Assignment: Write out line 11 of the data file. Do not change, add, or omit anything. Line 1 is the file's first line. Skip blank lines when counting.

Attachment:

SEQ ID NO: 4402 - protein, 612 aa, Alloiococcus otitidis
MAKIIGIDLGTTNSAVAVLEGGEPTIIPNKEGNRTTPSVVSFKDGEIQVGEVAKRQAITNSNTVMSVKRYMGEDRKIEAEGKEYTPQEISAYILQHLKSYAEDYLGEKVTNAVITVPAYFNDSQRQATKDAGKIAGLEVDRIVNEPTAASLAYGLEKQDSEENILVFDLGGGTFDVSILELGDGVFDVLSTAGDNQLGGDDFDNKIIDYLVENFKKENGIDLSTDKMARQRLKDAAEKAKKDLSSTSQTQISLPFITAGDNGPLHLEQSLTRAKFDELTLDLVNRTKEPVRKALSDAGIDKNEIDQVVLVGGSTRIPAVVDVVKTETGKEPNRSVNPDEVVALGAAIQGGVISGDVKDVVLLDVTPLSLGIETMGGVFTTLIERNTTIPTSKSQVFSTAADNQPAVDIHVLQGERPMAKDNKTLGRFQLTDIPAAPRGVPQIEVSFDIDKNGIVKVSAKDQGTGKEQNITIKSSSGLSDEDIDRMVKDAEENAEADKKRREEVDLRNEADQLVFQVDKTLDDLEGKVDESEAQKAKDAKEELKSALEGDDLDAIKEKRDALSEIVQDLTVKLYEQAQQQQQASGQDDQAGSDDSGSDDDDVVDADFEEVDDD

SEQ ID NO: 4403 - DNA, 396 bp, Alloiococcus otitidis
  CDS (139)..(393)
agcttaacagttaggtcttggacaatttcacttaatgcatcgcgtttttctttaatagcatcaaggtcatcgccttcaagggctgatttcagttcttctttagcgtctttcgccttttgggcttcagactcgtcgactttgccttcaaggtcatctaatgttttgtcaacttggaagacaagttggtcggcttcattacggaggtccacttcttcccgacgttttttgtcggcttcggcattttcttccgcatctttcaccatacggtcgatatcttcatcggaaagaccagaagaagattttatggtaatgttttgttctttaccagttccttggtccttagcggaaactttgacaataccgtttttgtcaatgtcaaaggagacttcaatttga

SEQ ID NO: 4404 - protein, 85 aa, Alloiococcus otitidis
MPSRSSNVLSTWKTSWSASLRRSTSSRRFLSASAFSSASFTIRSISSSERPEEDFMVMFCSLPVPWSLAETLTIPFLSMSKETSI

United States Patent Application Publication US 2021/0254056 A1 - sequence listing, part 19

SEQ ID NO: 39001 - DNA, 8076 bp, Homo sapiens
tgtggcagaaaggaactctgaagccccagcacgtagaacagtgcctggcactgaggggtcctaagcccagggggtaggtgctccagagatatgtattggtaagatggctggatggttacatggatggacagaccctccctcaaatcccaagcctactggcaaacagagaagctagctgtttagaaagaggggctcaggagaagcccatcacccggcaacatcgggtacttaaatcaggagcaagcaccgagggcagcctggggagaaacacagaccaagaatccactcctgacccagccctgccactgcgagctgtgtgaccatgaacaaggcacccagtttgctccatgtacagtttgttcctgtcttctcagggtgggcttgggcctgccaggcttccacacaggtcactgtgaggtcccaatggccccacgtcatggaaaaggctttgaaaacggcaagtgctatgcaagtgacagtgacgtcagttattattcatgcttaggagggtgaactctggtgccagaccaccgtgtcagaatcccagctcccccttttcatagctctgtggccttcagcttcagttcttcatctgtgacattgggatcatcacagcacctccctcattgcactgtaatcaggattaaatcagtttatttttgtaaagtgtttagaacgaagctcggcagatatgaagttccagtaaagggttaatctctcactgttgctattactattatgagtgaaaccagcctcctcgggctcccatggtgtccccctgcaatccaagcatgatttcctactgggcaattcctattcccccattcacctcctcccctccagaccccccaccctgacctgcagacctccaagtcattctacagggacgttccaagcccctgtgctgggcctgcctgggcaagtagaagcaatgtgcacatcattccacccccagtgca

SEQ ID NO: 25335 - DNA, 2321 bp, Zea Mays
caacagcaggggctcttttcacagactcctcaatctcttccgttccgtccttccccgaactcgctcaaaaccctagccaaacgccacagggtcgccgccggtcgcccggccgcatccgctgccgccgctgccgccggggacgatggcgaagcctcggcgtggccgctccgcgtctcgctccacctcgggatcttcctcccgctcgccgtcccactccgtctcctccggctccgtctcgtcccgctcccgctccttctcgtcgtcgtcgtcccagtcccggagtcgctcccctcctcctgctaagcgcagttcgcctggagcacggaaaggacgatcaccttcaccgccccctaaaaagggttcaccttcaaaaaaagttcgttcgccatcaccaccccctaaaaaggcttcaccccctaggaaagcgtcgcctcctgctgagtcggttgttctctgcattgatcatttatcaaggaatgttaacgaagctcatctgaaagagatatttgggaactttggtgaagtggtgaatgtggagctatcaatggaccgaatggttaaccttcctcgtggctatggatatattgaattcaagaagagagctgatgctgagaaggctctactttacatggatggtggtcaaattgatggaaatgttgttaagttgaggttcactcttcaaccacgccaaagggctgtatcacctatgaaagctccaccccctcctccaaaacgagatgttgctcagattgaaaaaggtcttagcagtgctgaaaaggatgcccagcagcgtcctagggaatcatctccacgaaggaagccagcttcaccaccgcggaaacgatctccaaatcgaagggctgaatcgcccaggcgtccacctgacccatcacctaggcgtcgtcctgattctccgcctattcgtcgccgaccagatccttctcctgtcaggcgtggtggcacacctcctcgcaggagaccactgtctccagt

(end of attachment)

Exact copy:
SEQ ID NO: 25335 - DNA, 2321 bp, Zea Mays